They routinely exaggerate the size and scope of projects, then sell this plan to the World Bank or other multi-national banking institutions.

The elite of the countries are always cut in and assured that they will reap millions of dollars from this development. So they're on board for the plan.

The World Bank or other institutions then loans the country billions of dollars, the U.S. companies get contracts for the huge projects and reap equally stunning profits. Many people get incredibly wealthy in the process.

Then, inevitably, the people of the country suffer, their environment deteriorates or is destroyed, and the country eventually defaults on it's loan repayments.

Then the World Bank steps in and essentially takes over the country, dictating exactly how they must run their economy, and who makes the profits, which of course, are U.S. companies and the elite of the country.

Just like the Mafia, the corporatocracy promises great things, puts the country into crippling debt, and then has them exactly where they want them and can dictate exactly how things will be, or simply takes over the countries economy.

But what happens when a country is ripe for exploitation and has resources that corporate elites covet and the country won't go along with this process?

Then it goes to step two. Covert operations.

This is when the CIA jackals come in and topple the government, such as when they assassinated Trujillo in Panama and installed their buddy Noriaga, or several other examples of assassinations which have been carried out in South America alone when any candidate or politician dared to go against the grain and resist the Mafia like tactics of the corporate invaders.

If that fails, step three is to send in the military, as we did in the senseless invasion of Panama and other less overt military actions such as in Columbia and Nicaragua.

Iraq falls into exactly this same category as well. Saddam wasn't going along with the process of giving away his country to the west, and the spooks either couldn't take him out, or the elites wanted more than just his removal, they wanted to occupy and control the country and it's assets, so we invaded instead. All in the interest of corporate and elite dreams of empire.

Enter Pat Robertson and his call for assassination.

Venezuela is the third largest source of U.S. oil.

Chavez is a reformer who has campaigned and taken action to repel the efforts of the World Bank and others to pull their schemes to take control of Venezuela's assets, including putting oil production under a nationalized corporation and refusing to play the U.S.'s game.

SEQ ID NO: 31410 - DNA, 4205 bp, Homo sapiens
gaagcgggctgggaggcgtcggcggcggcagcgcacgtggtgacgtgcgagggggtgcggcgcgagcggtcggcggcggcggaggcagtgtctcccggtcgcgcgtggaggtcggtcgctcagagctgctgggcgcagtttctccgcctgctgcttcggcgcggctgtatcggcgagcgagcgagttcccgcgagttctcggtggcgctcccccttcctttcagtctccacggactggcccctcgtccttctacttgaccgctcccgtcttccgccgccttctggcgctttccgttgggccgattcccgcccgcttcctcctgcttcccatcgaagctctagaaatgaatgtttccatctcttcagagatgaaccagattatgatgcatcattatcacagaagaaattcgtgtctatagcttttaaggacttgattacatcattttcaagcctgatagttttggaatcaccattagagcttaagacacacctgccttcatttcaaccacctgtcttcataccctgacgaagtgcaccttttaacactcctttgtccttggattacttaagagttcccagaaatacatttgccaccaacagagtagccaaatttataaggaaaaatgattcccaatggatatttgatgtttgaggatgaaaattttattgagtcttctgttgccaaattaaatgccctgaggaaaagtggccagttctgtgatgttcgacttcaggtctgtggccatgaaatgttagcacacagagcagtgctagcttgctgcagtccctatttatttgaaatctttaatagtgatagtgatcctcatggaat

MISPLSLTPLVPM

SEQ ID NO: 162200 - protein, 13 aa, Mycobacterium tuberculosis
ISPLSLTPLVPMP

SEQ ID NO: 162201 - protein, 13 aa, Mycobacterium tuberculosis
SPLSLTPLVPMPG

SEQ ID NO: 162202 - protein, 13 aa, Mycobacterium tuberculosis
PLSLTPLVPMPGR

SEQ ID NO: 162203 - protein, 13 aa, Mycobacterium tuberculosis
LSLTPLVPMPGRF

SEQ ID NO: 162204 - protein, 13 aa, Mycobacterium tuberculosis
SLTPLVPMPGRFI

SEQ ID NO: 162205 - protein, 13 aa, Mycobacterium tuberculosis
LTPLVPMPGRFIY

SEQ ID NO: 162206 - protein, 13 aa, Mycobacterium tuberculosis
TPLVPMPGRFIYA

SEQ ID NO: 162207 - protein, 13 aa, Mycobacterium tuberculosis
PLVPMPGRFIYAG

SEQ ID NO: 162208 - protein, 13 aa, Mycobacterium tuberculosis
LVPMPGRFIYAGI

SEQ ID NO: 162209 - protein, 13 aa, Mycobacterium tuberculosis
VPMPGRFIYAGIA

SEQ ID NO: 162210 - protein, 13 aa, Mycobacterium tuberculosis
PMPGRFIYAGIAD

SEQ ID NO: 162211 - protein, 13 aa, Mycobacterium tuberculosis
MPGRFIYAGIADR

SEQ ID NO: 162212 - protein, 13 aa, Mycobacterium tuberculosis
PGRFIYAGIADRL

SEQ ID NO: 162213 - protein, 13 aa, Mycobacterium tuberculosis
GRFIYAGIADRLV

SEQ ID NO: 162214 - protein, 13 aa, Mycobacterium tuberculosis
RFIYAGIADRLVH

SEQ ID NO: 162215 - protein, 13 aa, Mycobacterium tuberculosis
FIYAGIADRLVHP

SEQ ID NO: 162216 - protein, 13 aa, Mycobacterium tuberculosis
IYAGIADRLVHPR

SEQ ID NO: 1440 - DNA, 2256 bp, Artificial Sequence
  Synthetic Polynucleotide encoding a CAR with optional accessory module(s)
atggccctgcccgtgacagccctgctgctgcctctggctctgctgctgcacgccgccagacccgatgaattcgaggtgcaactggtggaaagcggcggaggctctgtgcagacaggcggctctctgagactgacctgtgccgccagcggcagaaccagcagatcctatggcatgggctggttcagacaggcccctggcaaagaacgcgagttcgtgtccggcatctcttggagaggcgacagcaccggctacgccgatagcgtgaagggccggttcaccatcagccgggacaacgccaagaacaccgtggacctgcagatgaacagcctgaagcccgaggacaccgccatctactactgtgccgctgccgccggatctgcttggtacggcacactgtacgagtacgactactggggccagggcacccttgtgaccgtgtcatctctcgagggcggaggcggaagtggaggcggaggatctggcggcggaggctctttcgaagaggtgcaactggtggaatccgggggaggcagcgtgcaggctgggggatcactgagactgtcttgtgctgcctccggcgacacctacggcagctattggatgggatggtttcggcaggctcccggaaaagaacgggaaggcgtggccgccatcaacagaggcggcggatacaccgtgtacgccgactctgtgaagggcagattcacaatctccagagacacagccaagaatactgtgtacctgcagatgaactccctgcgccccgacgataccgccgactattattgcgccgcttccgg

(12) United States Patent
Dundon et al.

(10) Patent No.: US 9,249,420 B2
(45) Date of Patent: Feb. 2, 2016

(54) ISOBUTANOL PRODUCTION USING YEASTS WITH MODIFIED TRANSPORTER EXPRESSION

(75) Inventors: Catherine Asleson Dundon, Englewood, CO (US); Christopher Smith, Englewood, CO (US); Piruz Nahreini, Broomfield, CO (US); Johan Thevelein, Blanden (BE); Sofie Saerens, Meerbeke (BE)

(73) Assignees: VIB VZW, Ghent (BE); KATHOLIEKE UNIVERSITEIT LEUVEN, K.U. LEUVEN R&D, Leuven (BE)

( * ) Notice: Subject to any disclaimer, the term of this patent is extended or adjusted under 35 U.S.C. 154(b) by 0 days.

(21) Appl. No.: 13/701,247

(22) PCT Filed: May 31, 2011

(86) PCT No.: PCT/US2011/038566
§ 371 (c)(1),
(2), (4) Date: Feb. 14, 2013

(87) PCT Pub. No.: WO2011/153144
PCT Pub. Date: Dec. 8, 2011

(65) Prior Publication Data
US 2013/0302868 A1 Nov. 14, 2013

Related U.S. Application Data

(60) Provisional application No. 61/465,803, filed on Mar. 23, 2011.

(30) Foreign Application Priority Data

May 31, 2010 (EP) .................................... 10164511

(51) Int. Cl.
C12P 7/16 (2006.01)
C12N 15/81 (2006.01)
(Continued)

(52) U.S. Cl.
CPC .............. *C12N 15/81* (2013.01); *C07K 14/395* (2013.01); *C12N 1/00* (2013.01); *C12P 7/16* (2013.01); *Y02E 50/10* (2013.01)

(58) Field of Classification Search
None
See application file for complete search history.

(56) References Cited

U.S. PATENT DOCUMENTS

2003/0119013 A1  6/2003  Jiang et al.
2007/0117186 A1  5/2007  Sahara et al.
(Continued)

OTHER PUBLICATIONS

Bush and Co. tried to oust the democratically elected Chavez in an illegal and CIA backed coup, earlier in his first term, but Chavez survived to be a pain in their asses. They want what he has, and will stop at nothing.

THIS is why Robertson suggests assassinating Chavez. So that the corporatocracy, banks, and oil companies can then go in and take possession of Venezuelan oil, which is now controlled by the country itself.

Robertson himself has been involved in this sort of dirty business. He's had business interests in diamond mines in Africa and has defended and buddied up to some of the worst most brutal dictators in the world.

So all Robertson was doing was suggesting that, since Chavez has survived several efforts to support his opposition and other means to try to take him out politically, that the U.S. should go to step 2.

This is no big deal to Robertson, who likely regards it as nothing more than a business decision, and he's likely stunned at the reaction his comments have generated.

It's all about the money, and there are a small but incredibly powerful group of elites which are playing this game for keeps. And it included both Bushes, the group that Bush Jr. brought in from the past, including Cheney, Rumsfeld, and many others, as well as foreign elites including Saudi royalty.

It truly is like a game of Risk to these people. And they have no problem with nor will they hesitate to sacrifice billions of your tax dollars or send your children to their deaths in the conquest for empire and control of resources, primarily oil.

For a more cogent and in depth explanation of how this has gone on and is continuing to go on, read "Confessions of an Economic Hit Man" by John Perkins, which was a NY Times bestseller. Perkins was a top official of one of the engineering and construction firms which make empire building their business and who made millions himself in the game before his conscience got the better of him. He was threatened and bribed to not write about it, but finally found a publisher to tell his story.
It's an eye-opener and rings entirely true.